Darryl Rogers

Darryl Rogers managed to receive the ultimate opportunity in 1985 to coach the Detroit Lions, a team that he loved for pretty much his entire life. However, his time as a head coach did not work out too well. In less than 4 seasons as the head coach for the Detroit Lions, Darryl Rogers only managed to win a total of 18 matches and lost a total of 40 during the same time frame. Therefore it’s no surprise that the organization decided to replace him after only 11 matches in the 1988 season.

Dave Shula

Shula is undoubtably considered the worst head coach when it comes to the modern era of the NFL, spending 5 years trying to lead the Cincinnati Bengals to glory. During his time with the team, he only managed to accumulate an awful record of 19-52. Obviously, after 5 years with the team, Shula never managed to receive another head coach position within the NFL.

Bert Bell

Bert Bell was the Philadelphia Eagles’ head coach from 1963 to 1941 and was far too familiar with losing as opposed to winning as he only managed to win 10 matches out of 58 games.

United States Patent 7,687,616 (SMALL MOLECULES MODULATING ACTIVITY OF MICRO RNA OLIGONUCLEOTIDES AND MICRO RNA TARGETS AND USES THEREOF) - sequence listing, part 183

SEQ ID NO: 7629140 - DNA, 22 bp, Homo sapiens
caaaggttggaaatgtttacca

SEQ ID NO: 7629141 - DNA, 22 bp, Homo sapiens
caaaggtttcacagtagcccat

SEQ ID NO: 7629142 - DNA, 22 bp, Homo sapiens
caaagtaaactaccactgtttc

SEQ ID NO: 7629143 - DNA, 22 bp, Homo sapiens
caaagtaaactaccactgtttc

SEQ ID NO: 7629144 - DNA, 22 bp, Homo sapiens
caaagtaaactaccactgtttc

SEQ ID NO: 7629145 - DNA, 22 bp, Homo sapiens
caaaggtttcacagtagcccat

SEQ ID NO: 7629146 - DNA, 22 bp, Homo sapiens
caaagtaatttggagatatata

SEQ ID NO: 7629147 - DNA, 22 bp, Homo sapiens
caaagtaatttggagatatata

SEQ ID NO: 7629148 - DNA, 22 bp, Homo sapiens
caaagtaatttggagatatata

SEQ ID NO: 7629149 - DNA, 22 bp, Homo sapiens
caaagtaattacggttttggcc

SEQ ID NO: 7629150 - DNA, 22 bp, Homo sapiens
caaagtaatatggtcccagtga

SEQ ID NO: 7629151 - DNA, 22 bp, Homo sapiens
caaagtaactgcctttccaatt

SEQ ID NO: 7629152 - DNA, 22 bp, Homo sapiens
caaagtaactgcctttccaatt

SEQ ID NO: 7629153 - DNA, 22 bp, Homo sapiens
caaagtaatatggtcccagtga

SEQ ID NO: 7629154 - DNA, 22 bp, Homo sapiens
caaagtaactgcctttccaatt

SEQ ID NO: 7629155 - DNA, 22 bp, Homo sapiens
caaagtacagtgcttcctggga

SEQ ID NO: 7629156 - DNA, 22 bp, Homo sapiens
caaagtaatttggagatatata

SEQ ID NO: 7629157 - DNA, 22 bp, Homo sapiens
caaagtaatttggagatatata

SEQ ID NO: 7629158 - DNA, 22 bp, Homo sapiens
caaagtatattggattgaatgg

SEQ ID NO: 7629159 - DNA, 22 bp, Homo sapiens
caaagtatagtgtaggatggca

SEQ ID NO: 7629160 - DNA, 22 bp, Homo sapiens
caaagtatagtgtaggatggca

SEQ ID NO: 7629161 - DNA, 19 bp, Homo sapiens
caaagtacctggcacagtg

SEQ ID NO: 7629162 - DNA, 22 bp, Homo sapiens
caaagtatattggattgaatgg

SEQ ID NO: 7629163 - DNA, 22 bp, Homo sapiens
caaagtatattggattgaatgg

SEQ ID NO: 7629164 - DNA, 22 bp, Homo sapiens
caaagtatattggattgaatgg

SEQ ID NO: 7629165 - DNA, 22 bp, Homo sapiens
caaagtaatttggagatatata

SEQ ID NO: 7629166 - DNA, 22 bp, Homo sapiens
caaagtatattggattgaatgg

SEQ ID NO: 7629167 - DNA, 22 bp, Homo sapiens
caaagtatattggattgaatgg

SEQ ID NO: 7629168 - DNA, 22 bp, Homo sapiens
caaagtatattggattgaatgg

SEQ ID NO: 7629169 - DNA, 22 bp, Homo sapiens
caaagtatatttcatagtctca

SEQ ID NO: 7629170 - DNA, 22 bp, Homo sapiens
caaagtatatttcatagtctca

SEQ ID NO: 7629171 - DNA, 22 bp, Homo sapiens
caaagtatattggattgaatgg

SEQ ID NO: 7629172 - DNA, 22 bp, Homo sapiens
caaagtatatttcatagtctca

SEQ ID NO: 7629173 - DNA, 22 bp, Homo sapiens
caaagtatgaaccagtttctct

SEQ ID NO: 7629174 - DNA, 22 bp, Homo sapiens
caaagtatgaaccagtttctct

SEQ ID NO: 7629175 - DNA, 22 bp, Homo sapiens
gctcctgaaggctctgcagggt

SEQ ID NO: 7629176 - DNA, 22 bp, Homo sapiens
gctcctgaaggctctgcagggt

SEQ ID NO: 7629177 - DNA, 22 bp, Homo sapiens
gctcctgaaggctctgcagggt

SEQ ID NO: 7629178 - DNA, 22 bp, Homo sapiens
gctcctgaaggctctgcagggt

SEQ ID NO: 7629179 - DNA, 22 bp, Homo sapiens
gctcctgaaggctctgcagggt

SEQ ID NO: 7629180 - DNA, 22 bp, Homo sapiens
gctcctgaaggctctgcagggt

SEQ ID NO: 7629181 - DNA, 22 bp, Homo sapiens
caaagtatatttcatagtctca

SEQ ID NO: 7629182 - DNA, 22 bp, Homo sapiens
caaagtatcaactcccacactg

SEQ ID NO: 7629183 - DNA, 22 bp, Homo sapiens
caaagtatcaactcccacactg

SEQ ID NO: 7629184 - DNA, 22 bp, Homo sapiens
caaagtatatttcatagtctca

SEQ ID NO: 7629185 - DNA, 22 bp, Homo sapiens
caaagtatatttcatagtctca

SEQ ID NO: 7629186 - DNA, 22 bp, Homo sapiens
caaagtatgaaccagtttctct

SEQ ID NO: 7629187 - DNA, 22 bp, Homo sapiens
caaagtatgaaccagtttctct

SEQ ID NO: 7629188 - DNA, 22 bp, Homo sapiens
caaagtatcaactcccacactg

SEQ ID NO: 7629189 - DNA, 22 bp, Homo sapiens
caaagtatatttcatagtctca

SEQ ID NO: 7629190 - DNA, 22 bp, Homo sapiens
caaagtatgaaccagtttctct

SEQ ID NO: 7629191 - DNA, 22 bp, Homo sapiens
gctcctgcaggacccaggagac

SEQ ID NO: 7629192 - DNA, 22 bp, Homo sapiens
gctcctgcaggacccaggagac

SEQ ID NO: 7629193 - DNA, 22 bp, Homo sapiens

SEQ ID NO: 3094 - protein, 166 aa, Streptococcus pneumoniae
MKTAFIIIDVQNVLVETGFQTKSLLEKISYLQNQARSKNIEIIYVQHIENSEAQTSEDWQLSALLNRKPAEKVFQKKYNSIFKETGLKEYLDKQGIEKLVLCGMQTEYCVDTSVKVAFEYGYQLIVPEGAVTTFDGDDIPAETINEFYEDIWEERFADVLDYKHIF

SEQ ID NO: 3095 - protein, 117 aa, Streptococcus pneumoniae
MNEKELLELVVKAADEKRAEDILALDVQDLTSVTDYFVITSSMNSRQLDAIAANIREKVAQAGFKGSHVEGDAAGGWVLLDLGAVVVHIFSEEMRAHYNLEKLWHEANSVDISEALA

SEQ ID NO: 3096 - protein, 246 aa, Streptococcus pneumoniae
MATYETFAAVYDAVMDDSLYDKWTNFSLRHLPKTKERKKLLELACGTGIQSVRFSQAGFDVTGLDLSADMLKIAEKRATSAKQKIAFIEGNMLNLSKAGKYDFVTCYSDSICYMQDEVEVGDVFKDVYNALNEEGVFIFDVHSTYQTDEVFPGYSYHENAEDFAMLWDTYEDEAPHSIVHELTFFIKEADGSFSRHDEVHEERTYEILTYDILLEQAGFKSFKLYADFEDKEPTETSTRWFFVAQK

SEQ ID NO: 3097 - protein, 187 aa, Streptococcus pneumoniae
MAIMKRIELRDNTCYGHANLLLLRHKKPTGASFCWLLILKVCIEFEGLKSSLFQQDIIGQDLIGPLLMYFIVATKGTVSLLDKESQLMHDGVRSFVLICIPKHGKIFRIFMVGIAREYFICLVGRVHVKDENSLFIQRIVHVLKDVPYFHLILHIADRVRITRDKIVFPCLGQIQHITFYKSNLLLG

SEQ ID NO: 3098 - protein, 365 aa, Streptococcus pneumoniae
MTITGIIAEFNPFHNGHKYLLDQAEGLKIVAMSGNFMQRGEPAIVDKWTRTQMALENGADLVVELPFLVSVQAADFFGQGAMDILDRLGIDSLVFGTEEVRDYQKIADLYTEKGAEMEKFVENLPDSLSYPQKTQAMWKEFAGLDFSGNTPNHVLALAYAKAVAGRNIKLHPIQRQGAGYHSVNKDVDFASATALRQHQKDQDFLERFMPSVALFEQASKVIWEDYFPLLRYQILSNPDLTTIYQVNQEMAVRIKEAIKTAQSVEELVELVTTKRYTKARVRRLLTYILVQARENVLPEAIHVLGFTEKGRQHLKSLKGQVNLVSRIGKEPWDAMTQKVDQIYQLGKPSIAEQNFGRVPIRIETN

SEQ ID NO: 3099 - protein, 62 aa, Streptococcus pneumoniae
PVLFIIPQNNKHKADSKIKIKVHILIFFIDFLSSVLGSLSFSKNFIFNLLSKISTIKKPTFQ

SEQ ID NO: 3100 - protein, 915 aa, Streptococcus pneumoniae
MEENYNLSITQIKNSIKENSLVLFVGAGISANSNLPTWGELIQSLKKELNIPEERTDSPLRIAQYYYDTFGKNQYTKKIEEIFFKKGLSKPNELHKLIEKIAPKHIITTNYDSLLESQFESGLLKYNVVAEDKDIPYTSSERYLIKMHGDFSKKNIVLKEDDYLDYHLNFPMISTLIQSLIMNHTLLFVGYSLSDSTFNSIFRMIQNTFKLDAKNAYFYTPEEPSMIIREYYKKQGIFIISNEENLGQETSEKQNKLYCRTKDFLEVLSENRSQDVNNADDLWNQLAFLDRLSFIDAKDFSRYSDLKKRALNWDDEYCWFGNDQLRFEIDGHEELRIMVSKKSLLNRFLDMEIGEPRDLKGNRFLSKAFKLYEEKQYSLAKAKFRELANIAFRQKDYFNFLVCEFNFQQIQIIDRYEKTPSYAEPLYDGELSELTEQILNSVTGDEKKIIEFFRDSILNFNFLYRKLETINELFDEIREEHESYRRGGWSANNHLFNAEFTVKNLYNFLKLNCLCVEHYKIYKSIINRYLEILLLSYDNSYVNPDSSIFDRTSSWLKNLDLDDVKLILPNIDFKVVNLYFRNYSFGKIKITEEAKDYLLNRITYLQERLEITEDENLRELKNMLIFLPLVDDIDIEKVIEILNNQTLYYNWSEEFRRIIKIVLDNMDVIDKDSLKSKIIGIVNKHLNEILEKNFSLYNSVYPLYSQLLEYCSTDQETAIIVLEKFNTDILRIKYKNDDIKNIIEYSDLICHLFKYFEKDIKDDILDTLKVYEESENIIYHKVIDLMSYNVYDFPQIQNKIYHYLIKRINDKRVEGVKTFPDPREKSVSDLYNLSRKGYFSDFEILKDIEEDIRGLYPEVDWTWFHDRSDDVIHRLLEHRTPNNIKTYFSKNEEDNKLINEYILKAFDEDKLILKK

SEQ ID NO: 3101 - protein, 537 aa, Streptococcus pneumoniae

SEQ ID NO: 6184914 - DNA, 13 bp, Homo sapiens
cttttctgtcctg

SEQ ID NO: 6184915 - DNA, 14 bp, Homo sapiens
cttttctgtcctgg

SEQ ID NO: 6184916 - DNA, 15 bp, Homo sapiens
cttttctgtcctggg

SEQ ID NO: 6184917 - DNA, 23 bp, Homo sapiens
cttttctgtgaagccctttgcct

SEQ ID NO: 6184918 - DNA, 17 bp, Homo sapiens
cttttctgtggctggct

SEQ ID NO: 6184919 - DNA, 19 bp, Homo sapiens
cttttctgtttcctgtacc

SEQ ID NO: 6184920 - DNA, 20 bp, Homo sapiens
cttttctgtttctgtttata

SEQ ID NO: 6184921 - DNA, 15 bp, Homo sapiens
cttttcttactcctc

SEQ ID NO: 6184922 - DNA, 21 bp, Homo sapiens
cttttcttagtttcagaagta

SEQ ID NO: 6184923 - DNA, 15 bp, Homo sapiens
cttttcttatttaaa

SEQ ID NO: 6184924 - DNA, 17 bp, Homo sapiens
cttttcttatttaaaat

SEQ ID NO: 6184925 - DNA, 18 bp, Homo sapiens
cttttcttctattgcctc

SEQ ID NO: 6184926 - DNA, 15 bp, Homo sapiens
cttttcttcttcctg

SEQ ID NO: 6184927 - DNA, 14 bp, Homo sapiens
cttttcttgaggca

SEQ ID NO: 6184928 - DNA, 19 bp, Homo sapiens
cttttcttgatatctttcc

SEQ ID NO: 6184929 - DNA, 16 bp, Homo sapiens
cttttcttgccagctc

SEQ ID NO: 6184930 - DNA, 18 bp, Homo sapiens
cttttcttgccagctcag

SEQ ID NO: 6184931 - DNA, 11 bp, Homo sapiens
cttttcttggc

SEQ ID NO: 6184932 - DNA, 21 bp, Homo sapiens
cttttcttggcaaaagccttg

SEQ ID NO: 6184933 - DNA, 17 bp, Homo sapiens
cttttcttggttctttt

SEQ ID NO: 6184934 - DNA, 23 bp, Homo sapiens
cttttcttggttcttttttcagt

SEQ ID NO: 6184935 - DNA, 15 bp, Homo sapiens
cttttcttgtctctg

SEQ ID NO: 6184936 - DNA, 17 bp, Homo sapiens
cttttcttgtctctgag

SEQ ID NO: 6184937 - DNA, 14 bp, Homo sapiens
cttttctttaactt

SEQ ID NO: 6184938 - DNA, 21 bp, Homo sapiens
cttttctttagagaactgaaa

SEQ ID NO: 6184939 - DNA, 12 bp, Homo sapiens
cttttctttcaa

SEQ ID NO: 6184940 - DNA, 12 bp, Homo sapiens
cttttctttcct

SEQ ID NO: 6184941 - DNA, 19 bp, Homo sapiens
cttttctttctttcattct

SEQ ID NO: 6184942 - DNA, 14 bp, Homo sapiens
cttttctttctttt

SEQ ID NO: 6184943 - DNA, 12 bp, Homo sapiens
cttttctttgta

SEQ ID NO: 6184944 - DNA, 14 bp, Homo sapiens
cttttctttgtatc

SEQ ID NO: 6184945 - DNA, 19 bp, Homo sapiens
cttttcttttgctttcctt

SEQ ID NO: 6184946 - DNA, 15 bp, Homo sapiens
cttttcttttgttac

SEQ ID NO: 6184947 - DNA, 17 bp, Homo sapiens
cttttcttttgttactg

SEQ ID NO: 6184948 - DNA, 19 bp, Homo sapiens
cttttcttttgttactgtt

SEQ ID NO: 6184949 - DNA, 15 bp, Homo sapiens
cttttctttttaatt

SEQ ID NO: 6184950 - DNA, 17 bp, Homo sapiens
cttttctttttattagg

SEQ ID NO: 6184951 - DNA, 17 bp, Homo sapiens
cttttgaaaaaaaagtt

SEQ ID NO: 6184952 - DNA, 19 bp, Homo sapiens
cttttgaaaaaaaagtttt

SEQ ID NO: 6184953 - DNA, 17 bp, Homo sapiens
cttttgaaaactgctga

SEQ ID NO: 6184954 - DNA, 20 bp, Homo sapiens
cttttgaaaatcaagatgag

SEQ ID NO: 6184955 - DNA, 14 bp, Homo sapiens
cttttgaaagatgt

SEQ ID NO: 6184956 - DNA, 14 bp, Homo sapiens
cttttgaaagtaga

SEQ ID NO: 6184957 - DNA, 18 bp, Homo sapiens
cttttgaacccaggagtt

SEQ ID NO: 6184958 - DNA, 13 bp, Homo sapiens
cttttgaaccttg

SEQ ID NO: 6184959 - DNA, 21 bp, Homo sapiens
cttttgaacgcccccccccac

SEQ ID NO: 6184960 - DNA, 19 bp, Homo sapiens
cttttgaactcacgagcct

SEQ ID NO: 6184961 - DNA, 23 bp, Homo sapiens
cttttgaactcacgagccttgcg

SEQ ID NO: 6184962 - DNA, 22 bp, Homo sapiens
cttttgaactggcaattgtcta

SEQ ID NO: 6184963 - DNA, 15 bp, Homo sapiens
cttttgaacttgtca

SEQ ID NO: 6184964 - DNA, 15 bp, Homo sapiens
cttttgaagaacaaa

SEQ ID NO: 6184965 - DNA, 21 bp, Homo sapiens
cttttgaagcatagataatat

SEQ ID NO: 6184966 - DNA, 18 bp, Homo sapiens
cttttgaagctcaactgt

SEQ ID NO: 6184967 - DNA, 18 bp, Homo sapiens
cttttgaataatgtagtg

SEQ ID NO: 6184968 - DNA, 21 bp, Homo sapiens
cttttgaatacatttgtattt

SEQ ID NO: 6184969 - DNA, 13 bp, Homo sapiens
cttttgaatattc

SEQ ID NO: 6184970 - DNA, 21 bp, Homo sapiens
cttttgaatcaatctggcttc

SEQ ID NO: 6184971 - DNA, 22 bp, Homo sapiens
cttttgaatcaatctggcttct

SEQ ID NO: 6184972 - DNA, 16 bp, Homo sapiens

What Makes a Great Coach?


Before we start discussing what skills and qualities a good coach needs to have, we first need to understand how difficult a coaching profession truly is. Coaching is considered a frustrating, thankless, ‘no win’ kind of occupation. It’s a job that is usually performed in a public fishbowl. If you are a coach, you are constantly in a visible position that continuously exposes you the evaluation and scrutiny of the public. It’s a profession that allows the general public to weigh in on your job whether you want their opinions or not. With that in mind, let’s take a look at the qualities that make a good coach and how you can improve on your current coaching skills going forward.